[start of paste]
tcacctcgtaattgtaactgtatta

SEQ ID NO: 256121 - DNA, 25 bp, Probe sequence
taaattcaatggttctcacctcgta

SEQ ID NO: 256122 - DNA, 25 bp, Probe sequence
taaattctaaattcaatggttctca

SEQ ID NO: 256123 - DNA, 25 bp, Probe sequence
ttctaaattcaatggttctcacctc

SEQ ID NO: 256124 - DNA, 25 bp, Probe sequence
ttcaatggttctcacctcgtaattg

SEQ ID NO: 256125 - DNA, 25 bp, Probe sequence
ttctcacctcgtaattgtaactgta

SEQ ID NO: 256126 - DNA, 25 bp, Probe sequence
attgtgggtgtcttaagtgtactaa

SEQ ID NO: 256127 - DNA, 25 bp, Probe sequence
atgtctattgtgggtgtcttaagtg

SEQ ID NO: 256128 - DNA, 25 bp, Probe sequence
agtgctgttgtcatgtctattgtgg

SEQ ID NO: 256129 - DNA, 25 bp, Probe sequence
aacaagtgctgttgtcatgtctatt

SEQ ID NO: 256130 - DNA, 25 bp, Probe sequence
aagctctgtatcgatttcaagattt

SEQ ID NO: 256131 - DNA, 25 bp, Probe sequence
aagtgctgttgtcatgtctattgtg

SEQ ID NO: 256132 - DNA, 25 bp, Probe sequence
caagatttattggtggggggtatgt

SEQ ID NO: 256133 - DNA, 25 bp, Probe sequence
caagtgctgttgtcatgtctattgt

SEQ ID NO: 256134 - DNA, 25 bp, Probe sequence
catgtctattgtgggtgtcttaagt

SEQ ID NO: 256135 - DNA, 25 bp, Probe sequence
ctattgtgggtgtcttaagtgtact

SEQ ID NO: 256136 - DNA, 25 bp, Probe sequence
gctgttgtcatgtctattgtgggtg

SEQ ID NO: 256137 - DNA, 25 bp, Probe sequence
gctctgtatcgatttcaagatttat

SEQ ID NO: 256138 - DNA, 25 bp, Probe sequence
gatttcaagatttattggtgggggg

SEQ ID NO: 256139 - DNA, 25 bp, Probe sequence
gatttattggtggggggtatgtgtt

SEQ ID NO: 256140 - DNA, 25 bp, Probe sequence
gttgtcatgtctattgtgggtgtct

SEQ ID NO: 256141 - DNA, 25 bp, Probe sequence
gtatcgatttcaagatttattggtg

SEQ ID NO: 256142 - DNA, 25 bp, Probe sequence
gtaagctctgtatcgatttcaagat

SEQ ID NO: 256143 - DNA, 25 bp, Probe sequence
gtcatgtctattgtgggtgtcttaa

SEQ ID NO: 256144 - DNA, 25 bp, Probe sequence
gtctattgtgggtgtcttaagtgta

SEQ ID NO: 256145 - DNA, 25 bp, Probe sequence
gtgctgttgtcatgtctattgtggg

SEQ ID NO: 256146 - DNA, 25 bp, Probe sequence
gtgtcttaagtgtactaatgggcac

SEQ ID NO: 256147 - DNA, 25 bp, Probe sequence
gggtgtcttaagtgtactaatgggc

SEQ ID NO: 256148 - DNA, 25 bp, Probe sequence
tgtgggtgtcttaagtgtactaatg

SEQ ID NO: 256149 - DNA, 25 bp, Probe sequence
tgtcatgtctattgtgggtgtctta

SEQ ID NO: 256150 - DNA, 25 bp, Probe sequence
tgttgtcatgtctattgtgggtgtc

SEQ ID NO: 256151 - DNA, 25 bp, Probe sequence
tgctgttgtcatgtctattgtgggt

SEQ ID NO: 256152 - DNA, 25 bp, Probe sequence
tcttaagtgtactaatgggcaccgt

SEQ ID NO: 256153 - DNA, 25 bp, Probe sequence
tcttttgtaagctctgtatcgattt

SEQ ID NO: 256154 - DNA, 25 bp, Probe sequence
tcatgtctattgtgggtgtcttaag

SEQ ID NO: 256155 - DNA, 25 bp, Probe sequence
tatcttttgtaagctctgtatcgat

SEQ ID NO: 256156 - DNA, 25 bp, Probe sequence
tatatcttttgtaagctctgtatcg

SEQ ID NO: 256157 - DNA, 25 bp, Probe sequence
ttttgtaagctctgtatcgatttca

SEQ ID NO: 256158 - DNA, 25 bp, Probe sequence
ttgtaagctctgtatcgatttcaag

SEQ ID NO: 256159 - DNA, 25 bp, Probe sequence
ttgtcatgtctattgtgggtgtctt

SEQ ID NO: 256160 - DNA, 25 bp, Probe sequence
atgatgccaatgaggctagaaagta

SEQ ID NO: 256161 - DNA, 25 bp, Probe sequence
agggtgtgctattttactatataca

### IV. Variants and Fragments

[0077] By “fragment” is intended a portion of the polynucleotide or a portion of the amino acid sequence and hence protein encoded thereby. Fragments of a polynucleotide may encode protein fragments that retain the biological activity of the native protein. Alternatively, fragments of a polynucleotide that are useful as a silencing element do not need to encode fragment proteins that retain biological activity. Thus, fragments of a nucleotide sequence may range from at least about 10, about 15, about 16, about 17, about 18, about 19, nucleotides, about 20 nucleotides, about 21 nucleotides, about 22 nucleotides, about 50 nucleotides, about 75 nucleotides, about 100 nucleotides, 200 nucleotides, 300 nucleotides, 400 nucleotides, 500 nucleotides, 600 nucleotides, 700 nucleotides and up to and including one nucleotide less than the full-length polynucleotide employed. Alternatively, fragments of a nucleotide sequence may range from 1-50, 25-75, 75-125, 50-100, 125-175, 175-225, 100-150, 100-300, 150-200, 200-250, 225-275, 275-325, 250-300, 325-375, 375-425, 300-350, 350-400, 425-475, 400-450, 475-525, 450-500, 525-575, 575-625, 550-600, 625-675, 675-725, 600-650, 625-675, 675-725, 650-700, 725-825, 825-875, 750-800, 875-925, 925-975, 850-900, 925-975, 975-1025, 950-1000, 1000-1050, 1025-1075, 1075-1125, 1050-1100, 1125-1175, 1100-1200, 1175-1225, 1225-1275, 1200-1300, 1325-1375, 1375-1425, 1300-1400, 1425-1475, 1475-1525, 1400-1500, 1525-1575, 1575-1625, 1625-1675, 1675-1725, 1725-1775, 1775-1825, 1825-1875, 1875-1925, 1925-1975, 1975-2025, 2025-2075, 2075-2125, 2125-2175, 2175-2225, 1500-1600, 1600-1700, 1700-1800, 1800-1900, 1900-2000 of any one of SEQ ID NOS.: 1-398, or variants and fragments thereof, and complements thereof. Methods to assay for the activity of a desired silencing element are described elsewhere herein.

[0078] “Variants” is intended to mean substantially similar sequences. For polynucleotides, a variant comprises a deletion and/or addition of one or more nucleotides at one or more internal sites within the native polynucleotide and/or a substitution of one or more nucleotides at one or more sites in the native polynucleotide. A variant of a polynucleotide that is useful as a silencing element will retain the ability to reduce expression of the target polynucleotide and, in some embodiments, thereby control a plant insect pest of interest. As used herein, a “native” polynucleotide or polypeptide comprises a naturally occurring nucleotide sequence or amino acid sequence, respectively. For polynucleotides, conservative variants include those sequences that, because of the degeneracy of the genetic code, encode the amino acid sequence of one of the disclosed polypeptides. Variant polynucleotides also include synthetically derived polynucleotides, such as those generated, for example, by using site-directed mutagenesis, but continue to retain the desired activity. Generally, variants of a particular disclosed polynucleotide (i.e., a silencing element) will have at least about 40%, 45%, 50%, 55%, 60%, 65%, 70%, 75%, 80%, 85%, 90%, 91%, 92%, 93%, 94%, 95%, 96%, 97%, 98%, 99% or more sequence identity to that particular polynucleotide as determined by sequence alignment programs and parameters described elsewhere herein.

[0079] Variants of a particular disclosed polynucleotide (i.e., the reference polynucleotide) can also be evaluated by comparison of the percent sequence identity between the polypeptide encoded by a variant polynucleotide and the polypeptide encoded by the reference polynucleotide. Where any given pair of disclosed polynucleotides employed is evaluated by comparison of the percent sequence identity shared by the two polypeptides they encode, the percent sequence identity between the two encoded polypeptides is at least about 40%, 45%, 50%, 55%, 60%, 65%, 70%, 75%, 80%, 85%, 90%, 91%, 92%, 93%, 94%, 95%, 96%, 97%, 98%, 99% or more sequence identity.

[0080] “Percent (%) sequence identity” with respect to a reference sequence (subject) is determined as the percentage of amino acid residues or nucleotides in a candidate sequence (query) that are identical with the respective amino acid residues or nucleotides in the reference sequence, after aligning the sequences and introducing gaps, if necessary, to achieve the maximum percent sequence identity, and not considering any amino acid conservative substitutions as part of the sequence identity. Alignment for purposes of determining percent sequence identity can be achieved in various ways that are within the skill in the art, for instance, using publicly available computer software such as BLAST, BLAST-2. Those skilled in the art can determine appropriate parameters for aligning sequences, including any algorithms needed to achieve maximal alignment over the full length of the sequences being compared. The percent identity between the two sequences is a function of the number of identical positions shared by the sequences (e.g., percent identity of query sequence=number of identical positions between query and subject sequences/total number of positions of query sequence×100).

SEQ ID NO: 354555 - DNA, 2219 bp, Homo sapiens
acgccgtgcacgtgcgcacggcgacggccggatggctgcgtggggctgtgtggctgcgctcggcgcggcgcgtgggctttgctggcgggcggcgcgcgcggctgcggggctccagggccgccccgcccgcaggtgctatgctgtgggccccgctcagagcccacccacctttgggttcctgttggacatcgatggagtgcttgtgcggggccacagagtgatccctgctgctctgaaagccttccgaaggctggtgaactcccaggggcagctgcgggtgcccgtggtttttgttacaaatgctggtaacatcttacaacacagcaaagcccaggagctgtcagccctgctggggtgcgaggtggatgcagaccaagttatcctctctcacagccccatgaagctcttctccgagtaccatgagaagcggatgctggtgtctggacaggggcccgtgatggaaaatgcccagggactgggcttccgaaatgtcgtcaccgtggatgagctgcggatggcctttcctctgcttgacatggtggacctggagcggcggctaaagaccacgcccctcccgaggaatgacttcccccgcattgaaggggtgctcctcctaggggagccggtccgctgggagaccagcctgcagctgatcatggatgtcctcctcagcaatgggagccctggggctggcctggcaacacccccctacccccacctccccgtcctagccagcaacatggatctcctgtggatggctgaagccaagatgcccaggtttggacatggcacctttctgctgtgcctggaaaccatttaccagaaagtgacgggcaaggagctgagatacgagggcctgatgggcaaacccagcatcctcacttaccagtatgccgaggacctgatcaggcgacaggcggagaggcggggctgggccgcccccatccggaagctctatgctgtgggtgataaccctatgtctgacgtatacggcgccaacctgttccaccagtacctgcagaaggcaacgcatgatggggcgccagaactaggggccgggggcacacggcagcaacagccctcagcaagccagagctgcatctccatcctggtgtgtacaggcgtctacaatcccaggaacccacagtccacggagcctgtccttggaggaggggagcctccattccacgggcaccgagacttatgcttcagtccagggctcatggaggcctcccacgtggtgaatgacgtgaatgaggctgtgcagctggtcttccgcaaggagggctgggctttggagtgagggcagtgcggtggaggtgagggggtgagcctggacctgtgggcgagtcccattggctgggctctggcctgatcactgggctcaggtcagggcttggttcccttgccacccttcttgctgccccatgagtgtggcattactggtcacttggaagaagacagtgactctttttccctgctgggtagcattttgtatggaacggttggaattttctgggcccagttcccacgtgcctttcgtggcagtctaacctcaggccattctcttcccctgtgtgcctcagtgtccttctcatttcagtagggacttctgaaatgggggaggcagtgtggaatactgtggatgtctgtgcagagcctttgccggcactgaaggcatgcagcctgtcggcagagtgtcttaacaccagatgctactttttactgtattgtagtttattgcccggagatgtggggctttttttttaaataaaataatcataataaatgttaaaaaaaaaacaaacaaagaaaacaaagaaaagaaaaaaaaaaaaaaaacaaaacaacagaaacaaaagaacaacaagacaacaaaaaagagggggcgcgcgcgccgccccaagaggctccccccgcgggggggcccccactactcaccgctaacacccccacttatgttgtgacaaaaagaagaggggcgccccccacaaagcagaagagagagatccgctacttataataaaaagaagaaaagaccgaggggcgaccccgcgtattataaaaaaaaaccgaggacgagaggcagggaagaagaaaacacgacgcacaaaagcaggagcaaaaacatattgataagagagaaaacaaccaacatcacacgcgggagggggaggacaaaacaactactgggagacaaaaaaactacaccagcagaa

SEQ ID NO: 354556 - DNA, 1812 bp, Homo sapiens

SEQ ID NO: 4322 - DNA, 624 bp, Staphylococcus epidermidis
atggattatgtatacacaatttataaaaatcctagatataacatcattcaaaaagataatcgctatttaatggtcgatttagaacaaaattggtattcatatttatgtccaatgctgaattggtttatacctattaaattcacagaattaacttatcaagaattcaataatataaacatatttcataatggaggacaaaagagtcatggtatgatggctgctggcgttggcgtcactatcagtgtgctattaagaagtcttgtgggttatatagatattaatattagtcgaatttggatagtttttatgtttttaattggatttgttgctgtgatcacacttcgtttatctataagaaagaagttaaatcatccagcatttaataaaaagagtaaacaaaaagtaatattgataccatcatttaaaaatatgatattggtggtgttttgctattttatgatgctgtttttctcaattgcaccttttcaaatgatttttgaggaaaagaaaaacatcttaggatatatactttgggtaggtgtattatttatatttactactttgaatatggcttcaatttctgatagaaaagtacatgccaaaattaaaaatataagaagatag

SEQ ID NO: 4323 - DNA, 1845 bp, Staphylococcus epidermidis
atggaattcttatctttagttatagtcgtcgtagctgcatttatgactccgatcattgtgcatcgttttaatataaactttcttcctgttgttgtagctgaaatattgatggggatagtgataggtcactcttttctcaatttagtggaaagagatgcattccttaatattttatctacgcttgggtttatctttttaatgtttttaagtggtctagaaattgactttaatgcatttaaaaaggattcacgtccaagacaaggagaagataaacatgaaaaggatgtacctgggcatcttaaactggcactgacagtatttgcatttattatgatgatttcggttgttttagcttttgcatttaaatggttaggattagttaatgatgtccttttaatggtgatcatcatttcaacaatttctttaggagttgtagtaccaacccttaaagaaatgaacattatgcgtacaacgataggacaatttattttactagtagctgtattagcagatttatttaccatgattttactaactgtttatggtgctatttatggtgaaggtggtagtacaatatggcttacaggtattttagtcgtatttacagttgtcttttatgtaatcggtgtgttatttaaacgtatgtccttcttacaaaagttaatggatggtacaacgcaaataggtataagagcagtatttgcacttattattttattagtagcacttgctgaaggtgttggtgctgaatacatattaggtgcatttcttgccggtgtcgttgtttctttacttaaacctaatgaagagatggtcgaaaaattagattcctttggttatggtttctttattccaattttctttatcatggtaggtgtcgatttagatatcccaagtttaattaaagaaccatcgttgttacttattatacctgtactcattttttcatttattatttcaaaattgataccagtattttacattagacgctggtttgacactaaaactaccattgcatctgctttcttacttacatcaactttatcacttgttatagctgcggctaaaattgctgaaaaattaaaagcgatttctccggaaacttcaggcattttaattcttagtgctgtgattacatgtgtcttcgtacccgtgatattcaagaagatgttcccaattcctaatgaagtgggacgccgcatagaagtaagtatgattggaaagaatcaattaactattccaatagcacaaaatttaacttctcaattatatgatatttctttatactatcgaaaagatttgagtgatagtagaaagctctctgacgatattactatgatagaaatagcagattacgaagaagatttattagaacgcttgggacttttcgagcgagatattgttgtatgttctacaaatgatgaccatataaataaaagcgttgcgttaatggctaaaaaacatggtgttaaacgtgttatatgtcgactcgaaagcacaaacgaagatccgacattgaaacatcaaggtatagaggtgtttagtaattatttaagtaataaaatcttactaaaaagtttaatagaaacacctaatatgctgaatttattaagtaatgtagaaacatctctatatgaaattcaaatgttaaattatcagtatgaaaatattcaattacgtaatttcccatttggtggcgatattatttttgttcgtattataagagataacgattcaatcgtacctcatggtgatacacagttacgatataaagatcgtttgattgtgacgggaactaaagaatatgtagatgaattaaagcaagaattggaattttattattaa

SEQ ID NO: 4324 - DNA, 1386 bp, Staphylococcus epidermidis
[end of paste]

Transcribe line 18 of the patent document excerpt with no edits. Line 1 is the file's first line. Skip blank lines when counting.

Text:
SEQ ID NO: 256129 - DNA, 25 bp, Probe sequence